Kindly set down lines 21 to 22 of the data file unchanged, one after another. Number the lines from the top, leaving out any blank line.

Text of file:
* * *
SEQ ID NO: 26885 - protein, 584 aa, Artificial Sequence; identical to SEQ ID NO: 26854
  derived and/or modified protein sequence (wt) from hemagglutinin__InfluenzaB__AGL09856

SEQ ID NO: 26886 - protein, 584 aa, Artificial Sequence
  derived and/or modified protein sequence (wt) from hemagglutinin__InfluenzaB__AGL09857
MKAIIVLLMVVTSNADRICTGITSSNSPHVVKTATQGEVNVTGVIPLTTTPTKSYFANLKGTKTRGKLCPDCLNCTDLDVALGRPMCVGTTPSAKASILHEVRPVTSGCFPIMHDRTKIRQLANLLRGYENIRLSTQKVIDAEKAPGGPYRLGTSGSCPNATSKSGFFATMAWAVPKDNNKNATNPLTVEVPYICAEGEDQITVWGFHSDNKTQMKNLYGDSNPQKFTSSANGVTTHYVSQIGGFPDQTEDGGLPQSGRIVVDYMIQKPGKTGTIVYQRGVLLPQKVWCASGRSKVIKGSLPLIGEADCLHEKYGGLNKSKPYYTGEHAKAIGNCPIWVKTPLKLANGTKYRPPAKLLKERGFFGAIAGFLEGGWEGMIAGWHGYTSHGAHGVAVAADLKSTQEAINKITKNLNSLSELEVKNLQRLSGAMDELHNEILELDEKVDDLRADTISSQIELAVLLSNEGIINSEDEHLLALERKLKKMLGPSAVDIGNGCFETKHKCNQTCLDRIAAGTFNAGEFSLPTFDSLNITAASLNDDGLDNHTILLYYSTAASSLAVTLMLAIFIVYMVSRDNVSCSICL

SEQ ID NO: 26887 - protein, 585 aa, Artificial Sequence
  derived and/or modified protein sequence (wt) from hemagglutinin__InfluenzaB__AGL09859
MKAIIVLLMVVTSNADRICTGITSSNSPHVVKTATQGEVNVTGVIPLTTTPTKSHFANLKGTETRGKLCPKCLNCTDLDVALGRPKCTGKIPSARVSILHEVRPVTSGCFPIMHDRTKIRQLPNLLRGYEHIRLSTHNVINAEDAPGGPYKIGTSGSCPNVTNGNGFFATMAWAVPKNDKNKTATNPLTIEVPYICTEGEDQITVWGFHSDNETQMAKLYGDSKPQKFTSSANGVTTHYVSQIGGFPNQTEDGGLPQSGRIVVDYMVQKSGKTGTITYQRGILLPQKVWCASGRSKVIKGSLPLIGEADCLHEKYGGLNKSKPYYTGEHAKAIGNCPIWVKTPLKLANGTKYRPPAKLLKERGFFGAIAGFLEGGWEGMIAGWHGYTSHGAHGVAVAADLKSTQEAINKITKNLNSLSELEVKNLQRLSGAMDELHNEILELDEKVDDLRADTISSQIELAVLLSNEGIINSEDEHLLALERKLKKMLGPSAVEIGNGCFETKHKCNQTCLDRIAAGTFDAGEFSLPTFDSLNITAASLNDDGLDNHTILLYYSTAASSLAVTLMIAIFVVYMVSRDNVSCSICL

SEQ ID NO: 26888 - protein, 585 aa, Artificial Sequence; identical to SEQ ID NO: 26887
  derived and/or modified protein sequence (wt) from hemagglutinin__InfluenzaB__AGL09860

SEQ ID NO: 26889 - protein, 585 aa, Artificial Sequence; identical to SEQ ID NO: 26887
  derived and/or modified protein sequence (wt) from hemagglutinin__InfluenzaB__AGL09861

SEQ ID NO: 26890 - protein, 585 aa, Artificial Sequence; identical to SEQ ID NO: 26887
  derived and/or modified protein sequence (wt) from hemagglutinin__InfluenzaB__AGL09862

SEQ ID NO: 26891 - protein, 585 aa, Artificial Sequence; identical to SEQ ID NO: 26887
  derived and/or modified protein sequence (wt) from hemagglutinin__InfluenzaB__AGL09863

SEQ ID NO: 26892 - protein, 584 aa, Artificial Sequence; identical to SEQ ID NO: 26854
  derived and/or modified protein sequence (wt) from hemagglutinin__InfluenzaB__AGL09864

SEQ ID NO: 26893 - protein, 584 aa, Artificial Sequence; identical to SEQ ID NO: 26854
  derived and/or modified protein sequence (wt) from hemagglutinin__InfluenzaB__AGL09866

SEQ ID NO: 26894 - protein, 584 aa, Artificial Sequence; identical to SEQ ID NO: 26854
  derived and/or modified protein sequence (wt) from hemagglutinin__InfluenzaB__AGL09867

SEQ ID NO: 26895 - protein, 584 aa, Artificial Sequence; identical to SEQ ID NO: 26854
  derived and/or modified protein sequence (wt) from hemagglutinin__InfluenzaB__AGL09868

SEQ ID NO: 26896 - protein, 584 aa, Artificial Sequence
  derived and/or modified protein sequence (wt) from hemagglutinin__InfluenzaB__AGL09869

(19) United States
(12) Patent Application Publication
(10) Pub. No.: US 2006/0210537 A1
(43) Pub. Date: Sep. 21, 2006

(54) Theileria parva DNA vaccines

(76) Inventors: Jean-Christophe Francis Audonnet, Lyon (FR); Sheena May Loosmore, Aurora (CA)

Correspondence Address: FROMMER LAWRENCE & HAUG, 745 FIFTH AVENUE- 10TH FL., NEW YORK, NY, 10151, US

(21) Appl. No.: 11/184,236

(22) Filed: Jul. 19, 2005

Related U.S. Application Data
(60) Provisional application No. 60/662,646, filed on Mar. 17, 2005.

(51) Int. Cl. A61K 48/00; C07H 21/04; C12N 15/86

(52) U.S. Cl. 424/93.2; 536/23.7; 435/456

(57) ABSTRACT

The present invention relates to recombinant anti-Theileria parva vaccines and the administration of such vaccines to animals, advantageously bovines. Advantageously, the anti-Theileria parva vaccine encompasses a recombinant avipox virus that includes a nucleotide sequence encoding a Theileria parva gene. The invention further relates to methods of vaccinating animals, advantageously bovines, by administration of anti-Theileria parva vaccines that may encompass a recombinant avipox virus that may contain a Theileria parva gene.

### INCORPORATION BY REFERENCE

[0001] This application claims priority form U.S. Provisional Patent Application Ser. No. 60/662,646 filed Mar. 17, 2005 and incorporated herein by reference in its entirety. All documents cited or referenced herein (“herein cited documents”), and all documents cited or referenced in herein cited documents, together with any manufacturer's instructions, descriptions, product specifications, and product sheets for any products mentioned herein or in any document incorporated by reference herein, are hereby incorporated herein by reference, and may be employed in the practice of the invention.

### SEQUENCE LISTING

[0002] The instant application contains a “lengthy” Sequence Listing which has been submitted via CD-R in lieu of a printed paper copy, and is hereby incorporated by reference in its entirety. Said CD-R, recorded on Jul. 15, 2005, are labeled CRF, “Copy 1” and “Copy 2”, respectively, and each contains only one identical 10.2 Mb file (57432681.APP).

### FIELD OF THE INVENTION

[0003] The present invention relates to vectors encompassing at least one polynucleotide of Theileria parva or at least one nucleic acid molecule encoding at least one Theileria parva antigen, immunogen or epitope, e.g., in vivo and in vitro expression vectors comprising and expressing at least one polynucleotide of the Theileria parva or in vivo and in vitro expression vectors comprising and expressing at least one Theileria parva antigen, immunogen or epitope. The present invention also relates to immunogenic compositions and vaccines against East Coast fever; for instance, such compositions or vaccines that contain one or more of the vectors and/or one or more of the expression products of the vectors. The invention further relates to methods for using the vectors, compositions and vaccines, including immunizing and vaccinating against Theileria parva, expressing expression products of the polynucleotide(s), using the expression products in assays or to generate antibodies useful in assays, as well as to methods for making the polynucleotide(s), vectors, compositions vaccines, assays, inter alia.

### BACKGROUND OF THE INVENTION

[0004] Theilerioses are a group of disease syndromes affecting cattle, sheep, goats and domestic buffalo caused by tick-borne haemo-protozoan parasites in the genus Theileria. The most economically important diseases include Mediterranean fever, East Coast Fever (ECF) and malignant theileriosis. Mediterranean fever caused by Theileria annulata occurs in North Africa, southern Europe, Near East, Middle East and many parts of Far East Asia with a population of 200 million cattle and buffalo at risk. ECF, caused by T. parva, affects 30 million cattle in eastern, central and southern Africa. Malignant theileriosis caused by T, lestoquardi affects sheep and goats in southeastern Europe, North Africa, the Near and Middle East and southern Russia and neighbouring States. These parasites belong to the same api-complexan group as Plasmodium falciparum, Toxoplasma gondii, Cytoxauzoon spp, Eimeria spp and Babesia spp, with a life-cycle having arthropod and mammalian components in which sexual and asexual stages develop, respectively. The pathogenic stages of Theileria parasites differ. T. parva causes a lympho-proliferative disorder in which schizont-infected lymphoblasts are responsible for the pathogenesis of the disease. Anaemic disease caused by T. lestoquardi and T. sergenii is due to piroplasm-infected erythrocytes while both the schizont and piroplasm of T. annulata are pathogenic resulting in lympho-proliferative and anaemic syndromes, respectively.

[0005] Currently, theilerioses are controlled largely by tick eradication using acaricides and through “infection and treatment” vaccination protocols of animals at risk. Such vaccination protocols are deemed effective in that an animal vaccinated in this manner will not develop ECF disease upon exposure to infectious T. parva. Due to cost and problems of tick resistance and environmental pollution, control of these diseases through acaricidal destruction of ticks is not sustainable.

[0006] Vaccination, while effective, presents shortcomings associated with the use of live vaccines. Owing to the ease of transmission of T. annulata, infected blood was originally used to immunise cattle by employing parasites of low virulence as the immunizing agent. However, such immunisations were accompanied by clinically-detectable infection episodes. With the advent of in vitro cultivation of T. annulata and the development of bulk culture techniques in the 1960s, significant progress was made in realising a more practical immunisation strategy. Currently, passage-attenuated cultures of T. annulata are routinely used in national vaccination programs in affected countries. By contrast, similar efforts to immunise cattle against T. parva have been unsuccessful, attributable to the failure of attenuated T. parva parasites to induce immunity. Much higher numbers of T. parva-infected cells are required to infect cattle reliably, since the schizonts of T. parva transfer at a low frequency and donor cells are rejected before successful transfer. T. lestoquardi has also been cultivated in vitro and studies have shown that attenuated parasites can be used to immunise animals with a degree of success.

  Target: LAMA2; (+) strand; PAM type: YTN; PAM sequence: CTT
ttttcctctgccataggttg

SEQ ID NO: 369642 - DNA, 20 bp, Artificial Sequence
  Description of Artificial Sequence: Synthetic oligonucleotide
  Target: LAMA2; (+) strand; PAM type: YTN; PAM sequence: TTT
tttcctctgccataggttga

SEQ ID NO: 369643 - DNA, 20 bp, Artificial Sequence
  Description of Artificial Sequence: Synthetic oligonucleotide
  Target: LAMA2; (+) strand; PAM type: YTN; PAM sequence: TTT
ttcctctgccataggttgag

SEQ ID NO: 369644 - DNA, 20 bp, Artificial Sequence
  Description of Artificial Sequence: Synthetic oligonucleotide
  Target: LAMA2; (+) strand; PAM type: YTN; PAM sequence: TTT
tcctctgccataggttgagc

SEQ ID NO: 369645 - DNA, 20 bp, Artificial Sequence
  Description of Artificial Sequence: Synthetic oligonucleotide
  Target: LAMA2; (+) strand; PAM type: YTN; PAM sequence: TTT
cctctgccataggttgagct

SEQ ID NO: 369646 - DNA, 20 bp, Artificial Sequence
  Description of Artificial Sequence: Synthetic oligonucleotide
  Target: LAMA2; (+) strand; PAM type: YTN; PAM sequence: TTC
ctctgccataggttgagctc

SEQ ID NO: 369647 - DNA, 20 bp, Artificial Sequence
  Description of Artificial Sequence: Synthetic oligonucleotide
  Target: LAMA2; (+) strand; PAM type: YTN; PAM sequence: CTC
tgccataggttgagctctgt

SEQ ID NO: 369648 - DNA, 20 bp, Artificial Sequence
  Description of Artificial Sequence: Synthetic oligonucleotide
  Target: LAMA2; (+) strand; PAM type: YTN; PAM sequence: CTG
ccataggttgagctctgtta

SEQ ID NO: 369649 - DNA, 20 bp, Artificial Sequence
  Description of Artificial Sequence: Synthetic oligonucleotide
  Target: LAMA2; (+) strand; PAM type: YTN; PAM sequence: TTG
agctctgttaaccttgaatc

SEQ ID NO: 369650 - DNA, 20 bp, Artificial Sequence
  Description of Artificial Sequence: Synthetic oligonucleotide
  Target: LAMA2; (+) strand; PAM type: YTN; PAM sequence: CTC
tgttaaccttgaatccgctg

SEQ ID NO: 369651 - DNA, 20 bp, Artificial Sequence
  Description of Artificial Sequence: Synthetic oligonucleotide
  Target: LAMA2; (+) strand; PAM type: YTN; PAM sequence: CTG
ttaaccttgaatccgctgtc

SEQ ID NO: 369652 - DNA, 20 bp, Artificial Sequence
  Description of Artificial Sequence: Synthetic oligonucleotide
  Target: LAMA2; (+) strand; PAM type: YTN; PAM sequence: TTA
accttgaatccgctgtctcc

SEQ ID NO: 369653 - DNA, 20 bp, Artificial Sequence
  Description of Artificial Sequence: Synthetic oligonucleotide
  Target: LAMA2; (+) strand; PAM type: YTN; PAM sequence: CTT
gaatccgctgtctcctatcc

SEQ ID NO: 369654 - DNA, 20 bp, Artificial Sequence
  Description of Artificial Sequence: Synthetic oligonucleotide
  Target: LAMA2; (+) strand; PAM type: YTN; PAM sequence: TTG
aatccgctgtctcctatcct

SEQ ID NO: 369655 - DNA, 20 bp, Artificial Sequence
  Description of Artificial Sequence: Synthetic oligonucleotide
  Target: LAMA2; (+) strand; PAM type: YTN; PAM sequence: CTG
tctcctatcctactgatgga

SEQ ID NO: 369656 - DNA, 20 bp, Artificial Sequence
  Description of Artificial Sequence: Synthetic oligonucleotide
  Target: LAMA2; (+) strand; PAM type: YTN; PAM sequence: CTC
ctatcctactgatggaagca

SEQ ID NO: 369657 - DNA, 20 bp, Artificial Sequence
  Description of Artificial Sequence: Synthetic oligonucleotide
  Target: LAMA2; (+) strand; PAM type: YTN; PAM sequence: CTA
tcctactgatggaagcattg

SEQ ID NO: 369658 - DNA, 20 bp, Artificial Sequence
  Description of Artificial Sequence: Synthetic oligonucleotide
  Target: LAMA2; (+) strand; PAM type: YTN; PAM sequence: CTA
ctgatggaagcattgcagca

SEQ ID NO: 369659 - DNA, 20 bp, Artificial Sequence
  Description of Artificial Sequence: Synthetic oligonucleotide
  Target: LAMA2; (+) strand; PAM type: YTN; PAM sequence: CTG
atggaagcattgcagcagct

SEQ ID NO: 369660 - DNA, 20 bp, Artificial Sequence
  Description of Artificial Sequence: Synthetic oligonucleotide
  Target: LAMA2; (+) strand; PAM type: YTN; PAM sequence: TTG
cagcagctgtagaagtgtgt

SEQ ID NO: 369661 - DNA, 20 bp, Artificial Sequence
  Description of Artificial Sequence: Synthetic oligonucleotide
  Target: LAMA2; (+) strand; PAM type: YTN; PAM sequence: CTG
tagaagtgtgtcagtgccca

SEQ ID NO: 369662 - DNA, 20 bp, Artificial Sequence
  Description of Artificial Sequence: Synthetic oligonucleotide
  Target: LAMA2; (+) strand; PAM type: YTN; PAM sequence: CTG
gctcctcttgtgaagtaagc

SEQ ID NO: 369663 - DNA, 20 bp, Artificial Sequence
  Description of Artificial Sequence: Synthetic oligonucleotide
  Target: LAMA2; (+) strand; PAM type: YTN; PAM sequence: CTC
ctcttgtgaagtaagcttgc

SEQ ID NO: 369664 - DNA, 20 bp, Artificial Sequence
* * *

SEQ ID NO: 26894 - protein, 584 aa, Artificial Sequence; identical to SEQ ID NO: 26854
  derived and/or modified protein sequence (wt) from hemagglutinin__InfluenzaB__AGL09867